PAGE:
University of Winchester research reveals women prefer a family-man over a career-man

Women are looking for romance with men who are willing to make time for their family, rather than the traditional male breadwinners, according to a new study by the University of Winchester.

Research by Dr Manuela Thomae, Lecturer in Psychology at the University of Winchester, and Professor Diane Houston at the University of Kent, found that traditional gender stereotypes have an impact on our romantic partner choices and that a large proportion of women prefer a non-traditional, over a traditional, partner.

These findings challenge existing research showing that women tend to prefer men who conform to the more traditional role of provider, and men prefer attractive women who are good home keepers.

“Traditional gender ideologies tend to assume that women need protecting and cherishing, and fulfill their roles through nurturing, homemaking and parental activities, while men are the breadwinners, needing female adoration and support at home,” explained Dr Thomae.

“Our study provided a sample of women with either a vignette of a man who plans on taking a career break in order to fully engage with his children, family and home life, or a man who plans to have a high-flying, well-paid career to financially support his family. Our findings demonstrated that the majority of women were more interested in the former type of man. However, women who subscribed to traditional gender ideologies, especially benevolence towards men, tended to prefer the latter type of man.”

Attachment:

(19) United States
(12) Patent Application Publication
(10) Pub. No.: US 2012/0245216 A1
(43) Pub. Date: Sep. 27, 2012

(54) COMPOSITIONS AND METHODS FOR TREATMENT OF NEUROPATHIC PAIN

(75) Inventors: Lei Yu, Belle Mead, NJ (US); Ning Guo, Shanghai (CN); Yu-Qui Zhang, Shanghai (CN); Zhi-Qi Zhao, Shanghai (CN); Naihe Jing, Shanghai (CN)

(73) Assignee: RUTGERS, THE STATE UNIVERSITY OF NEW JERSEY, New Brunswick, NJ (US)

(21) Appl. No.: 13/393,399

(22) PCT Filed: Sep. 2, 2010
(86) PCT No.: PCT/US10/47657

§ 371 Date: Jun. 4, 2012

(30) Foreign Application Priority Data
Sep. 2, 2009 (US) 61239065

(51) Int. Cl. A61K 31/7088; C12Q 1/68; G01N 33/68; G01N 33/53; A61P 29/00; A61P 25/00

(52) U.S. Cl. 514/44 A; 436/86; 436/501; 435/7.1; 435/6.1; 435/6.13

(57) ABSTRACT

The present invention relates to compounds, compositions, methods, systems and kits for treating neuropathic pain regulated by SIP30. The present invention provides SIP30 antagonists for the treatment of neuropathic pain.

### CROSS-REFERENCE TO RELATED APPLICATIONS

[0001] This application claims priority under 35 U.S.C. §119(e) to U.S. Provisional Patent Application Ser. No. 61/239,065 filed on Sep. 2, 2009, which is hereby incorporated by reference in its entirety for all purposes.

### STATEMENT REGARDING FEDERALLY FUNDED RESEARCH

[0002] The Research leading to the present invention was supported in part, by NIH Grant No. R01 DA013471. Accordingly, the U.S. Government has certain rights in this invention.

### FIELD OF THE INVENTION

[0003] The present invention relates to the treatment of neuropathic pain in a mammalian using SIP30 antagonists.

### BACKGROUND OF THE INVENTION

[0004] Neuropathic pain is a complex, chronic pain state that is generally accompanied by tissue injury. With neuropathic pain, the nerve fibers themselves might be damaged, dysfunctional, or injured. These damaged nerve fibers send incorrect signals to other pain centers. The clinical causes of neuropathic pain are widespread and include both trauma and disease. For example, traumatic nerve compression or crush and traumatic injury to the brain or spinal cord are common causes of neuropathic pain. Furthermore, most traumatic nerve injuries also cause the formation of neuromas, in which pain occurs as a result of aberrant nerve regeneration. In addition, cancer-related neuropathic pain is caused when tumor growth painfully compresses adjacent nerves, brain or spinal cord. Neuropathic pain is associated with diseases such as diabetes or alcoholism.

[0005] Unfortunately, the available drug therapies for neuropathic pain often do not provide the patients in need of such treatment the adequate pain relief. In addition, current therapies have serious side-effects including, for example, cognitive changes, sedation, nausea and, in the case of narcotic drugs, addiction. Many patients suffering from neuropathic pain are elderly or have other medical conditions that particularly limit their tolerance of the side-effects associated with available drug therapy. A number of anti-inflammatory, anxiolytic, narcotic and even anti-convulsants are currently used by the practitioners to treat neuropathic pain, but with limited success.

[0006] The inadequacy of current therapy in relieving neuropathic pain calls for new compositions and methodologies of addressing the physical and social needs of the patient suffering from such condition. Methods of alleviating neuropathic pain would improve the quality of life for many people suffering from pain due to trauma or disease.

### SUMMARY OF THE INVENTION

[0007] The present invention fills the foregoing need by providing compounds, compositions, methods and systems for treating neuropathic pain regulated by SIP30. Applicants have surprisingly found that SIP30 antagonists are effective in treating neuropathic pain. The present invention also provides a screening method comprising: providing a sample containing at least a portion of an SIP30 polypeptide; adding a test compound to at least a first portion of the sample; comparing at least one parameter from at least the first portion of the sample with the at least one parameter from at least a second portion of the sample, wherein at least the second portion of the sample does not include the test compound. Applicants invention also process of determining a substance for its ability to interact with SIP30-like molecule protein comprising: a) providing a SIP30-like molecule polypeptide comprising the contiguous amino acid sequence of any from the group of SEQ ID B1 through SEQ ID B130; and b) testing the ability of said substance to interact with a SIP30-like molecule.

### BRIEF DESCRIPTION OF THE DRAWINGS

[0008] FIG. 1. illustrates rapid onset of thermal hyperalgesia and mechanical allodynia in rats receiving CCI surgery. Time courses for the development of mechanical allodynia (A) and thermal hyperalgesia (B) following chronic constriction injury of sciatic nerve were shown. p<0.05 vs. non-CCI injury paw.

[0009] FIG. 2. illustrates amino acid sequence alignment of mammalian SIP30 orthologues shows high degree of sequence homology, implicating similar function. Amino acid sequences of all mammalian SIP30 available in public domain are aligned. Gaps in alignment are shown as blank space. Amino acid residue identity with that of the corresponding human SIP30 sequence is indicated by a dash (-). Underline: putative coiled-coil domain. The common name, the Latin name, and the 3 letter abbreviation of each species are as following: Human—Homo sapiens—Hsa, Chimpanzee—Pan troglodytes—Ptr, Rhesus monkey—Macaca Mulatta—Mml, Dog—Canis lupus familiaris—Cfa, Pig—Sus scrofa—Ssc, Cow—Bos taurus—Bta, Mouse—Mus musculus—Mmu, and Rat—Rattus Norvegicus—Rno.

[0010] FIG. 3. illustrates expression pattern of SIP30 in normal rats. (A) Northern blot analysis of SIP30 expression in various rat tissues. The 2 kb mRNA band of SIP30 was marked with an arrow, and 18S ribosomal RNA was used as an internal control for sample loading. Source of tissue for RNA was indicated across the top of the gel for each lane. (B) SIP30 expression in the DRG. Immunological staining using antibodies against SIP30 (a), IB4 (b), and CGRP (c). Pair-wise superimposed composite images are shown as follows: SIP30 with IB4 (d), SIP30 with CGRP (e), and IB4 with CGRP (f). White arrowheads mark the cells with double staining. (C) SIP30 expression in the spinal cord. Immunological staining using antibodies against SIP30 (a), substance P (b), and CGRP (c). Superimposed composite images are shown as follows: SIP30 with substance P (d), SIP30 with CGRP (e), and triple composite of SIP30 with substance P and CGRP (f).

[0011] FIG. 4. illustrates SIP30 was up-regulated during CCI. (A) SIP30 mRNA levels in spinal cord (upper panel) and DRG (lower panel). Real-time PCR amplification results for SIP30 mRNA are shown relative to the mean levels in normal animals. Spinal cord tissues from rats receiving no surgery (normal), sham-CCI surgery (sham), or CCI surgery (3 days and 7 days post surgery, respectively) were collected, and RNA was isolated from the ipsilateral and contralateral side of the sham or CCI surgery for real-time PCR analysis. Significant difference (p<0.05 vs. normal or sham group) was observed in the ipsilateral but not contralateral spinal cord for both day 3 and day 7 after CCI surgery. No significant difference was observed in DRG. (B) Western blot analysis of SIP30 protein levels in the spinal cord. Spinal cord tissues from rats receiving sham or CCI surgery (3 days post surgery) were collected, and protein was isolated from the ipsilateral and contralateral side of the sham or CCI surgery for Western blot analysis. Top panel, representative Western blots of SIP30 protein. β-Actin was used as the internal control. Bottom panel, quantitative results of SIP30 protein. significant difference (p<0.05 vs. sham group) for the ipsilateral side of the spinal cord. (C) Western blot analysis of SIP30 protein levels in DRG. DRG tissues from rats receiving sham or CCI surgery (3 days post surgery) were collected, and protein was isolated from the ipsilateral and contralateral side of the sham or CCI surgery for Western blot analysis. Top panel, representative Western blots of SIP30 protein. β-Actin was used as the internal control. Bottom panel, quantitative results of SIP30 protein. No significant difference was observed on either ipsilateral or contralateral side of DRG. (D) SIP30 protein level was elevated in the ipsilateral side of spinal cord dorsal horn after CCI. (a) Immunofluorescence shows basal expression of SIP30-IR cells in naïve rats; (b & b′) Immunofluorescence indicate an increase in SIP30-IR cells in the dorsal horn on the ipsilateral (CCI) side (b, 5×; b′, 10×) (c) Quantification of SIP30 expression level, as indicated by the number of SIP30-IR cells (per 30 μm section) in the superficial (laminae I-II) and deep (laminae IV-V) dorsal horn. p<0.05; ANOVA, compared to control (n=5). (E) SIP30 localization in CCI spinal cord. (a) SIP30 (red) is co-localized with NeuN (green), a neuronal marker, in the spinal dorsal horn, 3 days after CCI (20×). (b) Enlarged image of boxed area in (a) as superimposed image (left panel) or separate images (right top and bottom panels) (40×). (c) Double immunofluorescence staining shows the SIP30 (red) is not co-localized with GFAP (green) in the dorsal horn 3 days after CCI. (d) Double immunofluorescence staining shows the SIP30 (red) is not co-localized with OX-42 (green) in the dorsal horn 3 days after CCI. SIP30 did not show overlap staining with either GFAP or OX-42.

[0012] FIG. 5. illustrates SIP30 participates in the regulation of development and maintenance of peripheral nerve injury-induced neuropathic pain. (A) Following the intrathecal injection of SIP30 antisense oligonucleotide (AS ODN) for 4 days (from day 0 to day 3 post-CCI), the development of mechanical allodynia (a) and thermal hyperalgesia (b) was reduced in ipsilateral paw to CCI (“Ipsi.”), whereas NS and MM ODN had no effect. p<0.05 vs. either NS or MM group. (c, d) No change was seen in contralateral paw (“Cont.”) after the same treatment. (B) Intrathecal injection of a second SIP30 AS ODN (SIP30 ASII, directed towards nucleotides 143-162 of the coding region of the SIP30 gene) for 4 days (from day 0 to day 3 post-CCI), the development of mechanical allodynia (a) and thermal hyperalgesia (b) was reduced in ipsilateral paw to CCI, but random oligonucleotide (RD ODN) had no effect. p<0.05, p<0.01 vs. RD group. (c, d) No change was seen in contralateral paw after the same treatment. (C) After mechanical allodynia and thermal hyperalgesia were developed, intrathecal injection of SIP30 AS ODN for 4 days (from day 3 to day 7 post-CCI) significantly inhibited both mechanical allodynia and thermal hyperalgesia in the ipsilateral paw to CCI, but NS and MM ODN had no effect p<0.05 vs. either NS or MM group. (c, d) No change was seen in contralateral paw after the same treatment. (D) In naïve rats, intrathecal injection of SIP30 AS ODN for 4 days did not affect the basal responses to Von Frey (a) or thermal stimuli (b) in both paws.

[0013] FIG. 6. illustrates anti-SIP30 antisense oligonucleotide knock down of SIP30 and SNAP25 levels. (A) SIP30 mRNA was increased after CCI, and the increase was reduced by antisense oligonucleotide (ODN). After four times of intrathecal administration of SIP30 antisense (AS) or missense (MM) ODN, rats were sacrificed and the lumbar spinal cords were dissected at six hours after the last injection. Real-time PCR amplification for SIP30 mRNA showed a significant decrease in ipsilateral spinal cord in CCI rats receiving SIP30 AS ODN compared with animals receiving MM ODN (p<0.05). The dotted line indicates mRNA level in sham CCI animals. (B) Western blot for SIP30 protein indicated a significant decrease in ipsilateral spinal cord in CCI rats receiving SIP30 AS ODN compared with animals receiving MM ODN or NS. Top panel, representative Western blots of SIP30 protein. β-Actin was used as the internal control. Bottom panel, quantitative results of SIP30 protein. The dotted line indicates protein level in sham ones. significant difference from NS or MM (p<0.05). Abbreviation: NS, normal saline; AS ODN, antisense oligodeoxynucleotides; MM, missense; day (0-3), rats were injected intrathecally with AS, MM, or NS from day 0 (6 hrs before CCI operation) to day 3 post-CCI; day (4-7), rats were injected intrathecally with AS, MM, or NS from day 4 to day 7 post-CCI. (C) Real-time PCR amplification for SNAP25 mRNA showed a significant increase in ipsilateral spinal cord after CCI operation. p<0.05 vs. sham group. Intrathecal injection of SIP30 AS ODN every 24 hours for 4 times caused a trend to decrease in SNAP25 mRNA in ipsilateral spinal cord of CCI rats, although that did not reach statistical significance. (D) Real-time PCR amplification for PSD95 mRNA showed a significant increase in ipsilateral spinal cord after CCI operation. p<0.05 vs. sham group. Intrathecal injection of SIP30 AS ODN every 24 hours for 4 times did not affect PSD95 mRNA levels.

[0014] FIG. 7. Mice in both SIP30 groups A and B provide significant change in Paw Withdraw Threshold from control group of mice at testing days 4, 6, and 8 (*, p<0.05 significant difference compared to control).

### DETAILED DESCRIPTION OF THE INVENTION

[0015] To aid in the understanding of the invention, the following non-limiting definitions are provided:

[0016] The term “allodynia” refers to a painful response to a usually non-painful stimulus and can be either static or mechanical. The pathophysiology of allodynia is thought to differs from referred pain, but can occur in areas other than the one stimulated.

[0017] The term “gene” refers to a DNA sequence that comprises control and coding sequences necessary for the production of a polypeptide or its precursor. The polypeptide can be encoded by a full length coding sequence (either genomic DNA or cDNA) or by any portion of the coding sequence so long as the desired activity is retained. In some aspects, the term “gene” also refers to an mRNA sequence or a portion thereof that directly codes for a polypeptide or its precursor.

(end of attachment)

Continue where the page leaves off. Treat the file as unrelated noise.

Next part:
In the male sample, Dr Thomae and Professor Houston found that men didn’t show a clear preference towards home-orientated or career-orientated women, however men with more traditional gender ideologies preferred their romantic partner to be a woman who emphasised homemaking over career aspirations.

The paper is one of the first to look into ideologies about both male and female gender roles and romantic partner preferences. Unlike previous studies who used undergraduate students, the research used participants in their late 20s and early 30s to increase the likelihood of participants understanding the challenges and demands of maintaining romantic relationships in everyday life.

“This cultural and ideological shift away from the more traditional gender roles could have implications on the gender composition of the labour force in the future, and the uptake of shared parental leave,” added Dr Thomae.

Dr Thomae and Professor Houston’s research – published in the journal Personality and Individual Differences – is available for free online at:

You can read about this research story on the University of Winchester’s website here: